The Pan African Sanctuary Alliance (PASA) and the World Parrot Trust (WPT) today called on international law enforcement agencies to intervene following the Government of the Democratic Republic of Congo’s seizure of over 490 African Grey parrots from a sanctuary with the intention of returning the birds to the original dealer.
PASA and the WPT submitted a brief to the Convention on International Trade in Endangered Species (CITES) and asked that any attempt to ship the parrots out of DR Congo be blocked. Similar briefs were also sent to Interpol, the World Customs Union, and the International Air Transport Association (IATA).PASA also alerted the CITES Management of Singapore – the parrots’ original destination – to the possibility that a large consignment of parrots could be imminent.
“PASA is outraged at the manner in which the Government of the Democratic Republic of Congo has removed these parrots from a PASA member sanctuary,” said Doug Cress, executive director of PASA. “We were given no warning and no cause. We rescue and rehabilitate wildlife to conserve important species – not make them well so that dealers might get rich. We condemn this action, and will do anything we can to keep this shipment from leaving Africa.”
The African Grey parrots were originally confiscated in mid-September by the Congolese wildlife authority (ICCN) and local government officials, and taken to the Lwiro Primate Rehabilitation Center in South Kivu. There, 523 parrots were found crammed into crude wooden crates, and despite the best efforts of Lwiro staff and veterinarians, over 30 of the birds died from injuries and stress.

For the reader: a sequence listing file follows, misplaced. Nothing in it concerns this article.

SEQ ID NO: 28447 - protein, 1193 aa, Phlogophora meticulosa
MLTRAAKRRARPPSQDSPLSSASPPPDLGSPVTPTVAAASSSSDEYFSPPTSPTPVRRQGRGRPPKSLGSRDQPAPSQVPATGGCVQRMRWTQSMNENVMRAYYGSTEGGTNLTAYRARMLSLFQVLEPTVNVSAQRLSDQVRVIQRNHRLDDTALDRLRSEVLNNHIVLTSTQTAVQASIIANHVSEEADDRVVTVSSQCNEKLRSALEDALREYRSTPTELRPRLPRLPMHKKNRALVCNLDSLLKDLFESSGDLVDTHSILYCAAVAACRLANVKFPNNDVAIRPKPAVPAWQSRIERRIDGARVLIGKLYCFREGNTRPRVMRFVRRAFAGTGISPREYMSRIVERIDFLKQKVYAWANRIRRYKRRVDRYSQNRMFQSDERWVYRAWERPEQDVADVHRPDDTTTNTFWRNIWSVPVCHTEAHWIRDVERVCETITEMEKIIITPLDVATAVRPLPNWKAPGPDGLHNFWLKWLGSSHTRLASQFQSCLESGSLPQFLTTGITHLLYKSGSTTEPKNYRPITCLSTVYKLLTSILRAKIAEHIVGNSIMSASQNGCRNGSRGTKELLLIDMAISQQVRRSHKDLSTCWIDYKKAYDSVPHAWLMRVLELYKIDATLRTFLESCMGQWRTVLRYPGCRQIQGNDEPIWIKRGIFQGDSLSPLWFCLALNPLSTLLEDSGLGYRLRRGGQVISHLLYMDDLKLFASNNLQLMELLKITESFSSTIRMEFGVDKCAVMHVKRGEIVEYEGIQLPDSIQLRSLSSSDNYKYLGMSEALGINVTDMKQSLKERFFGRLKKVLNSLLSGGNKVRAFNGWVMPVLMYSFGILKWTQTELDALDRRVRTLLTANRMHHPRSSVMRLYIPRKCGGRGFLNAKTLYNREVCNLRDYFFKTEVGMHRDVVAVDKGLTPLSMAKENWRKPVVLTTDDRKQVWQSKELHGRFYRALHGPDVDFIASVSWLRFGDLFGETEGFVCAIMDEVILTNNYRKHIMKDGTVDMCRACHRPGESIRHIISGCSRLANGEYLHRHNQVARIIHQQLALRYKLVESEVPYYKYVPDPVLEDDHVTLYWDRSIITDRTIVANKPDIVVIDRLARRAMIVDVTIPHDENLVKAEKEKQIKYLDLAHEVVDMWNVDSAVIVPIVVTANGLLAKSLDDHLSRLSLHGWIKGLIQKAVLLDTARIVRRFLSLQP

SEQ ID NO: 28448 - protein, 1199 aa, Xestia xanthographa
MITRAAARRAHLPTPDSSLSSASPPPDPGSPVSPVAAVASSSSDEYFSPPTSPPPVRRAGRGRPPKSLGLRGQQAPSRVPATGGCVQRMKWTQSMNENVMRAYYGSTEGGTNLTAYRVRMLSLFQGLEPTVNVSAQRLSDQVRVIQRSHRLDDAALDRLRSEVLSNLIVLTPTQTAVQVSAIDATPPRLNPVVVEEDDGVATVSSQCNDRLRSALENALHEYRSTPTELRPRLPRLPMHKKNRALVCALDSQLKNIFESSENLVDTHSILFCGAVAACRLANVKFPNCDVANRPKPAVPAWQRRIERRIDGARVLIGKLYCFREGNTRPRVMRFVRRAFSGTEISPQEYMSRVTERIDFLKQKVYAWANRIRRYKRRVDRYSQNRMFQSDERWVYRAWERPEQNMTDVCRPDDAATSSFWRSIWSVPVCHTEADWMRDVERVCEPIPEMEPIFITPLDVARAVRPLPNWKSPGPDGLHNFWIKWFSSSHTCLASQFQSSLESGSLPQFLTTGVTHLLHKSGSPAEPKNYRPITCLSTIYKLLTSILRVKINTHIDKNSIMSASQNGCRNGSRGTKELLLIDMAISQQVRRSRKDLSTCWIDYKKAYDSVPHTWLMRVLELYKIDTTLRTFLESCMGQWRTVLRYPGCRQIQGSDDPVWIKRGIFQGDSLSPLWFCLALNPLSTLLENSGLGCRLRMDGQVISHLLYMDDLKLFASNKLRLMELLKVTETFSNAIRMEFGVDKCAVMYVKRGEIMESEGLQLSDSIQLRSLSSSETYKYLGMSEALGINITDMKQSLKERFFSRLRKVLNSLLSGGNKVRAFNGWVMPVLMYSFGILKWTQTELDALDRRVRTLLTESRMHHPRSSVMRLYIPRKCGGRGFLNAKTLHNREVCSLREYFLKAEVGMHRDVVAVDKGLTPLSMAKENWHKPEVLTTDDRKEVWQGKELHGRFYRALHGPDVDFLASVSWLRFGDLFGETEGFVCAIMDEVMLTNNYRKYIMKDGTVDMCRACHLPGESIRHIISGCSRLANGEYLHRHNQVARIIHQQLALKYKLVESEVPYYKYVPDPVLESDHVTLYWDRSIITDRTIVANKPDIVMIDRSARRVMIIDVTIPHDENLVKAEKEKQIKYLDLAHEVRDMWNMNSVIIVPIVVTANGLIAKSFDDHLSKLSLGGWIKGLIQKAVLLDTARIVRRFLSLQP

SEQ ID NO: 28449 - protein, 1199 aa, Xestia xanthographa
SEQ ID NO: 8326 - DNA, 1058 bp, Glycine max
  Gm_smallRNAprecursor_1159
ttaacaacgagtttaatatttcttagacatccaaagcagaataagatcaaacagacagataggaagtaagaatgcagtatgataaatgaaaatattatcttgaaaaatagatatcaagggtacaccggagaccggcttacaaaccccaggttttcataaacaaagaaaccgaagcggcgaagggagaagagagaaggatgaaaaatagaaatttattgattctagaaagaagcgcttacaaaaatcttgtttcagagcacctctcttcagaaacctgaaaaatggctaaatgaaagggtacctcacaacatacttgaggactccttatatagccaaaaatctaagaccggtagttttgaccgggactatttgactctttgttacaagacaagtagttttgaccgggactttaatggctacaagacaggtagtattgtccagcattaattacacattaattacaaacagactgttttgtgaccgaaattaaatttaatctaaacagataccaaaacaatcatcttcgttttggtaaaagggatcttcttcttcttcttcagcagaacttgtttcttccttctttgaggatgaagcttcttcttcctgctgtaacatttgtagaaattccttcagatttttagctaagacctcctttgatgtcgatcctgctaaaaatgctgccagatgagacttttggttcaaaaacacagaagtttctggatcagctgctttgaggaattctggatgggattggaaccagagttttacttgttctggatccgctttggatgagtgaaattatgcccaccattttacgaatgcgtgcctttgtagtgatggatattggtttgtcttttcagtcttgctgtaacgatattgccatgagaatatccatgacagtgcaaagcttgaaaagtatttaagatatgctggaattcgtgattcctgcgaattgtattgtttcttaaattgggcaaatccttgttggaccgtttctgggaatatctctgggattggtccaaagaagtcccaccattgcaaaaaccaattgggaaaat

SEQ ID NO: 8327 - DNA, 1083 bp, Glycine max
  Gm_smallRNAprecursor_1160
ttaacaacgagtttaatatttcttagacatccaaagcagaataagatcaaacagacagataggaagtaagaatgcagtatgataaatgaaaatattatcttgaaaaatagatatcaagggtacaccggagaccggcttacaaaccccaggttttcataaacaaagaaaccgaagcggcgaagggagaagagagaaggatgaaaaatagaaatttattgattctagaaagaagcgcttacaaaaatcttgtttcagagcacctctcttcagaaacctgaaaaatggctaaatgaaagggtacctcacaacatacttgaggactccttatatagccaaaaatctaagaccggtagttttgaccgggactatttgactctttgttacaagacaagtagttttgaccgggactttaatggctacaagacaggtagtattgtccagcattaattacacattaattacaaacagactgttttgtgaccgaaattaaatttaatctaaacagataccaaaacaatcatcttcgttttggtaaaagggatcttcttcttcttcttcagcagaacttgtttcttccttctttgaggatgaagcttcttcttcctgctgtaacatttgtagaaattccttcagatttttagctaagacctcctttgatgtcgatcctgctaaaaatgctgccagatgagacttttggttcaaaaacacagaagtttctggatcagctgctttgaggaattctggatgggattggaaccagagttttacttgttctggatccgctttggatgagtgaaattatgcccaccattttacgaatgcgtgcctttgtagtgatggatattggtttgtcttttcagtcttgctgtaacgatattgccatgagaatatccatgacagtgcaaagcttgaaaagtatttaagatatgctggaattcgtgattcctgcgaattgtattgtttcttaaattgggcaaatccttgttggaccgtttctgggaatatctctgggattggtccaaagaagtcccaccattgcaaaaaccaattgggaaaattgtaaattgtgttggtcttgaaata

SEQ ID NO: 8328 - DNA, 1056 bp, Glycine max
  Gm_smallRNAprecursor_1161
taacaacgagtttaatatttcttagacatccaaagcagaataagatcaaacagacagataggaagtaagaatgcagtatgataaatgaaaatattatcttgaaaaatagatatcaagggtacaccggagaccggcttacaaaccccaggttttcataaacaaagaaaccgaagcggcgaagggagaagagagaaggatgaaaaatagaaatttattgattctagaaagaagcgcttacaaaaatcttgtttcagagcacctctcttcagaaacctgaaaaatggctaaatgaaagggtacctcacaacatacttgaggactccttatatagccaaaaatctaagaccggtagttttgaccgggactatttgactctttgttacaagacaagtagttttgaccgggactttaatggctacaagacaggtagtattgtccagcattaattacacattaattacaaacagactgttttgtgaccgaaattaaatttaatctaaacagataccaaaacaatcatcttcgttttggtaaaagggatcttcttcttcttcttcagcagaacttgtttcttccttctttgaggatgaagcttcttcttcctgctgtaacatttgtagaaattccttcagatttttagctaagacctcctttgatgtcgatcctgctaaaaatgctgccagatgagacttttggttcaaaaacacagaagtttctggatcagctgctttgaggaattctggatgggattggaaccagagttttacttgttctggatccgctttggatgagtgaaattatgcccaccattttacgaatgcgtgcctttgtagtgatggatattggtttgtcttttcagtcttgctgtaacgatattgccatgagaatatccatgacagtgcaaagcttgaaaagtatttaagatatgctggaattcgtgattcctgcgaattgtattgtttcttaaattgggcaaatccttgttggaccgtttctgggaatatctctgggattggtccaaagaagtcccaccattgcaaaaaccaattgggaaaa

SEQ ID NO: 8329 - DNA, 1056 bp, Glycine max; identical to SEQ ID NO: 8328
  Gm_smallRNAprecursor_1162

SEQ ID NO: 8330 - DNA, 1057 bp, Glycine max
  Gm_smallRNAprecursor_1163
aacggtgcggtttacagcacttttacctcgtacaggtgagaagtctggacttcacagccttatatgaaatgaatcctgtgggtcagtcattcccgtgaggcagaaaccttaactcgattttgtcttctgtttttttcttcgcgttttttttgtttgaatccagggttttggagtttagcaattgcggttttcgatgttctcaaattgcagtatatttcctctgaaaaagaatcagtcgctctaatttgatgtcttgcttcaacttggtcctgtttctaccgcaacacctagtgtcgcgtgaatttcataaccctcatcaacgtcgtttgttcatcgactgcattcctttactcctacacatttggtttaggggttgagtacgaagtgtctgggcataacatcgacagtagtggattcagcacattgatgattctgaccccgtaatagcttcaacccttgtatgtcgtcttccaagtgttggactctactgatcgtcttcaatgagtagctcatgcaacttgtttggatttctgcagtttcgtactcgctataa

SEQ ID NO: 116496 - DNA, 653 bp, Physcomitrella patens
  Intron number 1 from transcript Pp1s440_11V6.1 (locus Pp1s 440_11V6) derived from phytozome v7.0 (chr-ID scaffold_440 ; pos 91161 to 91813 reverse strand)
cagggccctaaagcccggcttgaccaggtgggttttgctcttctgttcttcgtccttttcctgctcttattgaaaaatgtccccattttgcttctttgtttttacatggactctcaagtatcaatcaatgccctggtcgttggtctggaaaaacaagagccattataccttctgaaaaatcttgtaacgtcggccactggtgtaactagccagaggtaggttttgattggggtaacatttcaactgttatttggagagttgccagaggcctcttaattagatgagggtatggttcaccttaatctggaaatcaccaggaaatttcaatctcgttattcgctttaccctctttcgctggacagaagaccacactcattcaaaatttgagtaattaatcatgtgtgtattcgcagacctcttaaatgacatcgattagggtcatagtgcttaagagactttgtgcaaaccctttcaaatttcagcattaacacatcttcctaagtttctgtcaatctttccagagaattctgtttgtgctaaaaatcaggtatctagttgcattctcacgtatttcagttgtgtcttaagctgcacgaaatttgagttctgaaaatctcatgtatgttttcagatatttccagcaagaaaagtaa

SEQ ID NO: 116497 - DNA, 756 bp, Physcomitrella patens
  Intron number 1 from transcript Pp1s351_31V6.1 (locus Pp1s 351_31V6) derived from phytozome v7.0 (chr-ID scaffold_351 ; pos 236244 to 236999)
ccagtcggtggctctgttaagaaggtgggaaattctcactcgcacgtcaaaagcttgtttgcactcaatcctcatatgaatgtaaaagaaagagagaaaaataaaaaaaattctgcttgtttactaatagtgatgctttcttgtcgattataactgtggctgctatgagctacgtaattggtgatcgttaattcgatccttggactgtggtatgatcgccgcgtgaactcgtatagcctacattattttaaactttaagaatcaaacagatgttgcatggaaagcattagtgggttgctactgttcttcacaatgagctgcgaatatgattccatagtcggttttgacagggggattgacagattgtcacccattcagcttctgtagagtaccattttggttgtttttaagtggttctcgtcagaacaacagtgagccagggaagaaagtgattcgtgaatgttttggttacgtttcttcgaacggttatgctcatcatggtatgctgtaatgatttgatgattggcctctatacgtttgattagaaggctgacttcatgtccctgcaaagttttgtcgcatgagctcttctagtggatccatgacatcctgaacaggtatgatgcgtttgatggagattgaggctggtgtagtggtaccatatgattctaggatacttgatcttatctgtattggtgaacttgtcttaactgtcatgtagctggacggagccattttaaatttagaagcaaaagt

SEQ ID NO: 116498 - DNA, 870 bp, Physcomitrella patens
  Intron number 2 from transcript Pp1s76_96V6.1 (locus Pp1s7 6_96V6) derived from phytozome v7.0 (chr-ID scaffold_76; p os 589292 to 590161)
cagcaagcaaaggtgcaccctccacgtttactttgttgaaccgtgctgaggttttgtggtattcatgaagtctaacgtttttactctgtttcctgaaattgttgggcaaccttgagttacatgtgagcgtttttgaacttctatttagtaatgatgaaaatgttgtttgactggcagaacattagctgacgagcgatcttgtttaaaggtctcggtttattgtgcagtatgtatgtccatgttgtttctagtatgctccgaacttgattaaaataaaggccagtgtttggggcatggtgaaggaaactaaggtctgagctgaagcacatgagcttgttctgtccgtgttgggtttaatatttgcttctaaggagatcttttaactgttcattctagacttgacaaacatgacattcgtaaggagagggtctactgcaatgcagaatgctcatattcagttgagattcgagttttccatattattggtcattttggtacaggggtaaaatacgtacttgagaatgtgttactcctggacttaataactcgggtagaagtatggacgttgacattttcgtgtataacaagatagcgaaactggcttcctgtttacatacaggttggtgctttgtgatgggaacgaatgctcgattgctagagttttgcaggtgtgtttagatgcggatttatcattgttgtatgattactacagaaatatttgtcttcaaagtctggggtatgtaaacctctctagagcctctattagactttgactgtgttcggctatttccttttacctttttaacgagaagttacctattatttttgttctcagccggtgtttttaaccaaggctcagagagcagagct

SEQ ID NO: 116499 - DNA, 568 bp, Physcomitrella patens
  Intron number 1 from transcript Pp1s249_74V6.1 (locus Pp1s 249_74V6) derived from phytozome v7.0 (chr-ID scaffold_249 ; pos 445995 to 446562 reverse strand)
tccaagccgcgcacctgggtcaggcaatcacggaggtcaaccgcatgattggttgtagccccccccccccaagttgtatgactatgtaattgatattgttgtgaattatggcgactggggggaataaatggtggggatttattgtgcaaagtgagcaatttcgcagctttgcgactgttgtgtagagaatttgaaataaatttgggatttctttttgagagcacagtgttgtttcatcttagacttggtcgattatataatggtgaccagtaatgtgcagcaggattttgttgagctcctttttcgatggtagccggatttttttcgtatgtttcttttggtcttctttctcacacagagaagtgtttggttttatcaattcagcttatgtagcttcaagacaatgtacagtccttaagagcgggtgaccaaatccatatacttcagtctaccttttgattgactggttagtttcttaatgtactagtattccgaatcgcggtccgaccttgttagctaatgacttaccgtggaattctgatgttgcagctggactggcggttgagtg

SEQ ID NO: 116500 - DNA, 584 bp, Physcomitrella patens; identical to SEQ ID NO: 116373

The WPT worked with PASA and Lwiro to rehabilitate the others, however, and constructed spacious enclosures to speed the recovery process. Earlier this month, over 400 of those original birds were judged fit to be released back into the wild.But the DR Congo’s Ministry of Environment ordered the parrots seized on Nov. 22, and had the birds placed back inside the original travel crates.
The crates were then flown back to Kinshasa and the original dealer. The crates and the manner in which the parrots were shipped are blatant violations of IATA standards, while the original CITES permit that accompanied the parrots listed only 300 – far below the number that were actually in the crates.
"The World Parrot Trust collaborated closely with PASA, Lwiro and a number of key advisors in this most recent parrot rescue, and feel the birds were seized in a manner that is neither legal nor humane as outlined in CITES regulations,” said Dr. James Gilardi, executive director of the WPT.
“We respectfully request that the CITES Secretariat investigate this action by the DR Congo government, and take steps to halt this and future illegal and inhumane consignments of African Grey parrots."African Grey parrots are found throughout Central and West Africa, but have been heavily hunted for the pet trade in recent years.
Experts believe that up to 21 percent of the wild population is captured each year. African Grey parrots are listed as a CITES Appendix II species has been the subject of two recent Significant Trade Review processes.PASA is comprised of 20 member sanctuaries in 12 countries, which rescue and rehabilitate chimpanzees, gorillas, bonobos, drills, and other endangered primates.
For more information, please visit the PASA website, Facebook page, Twitter , or contact PASA at email@example.com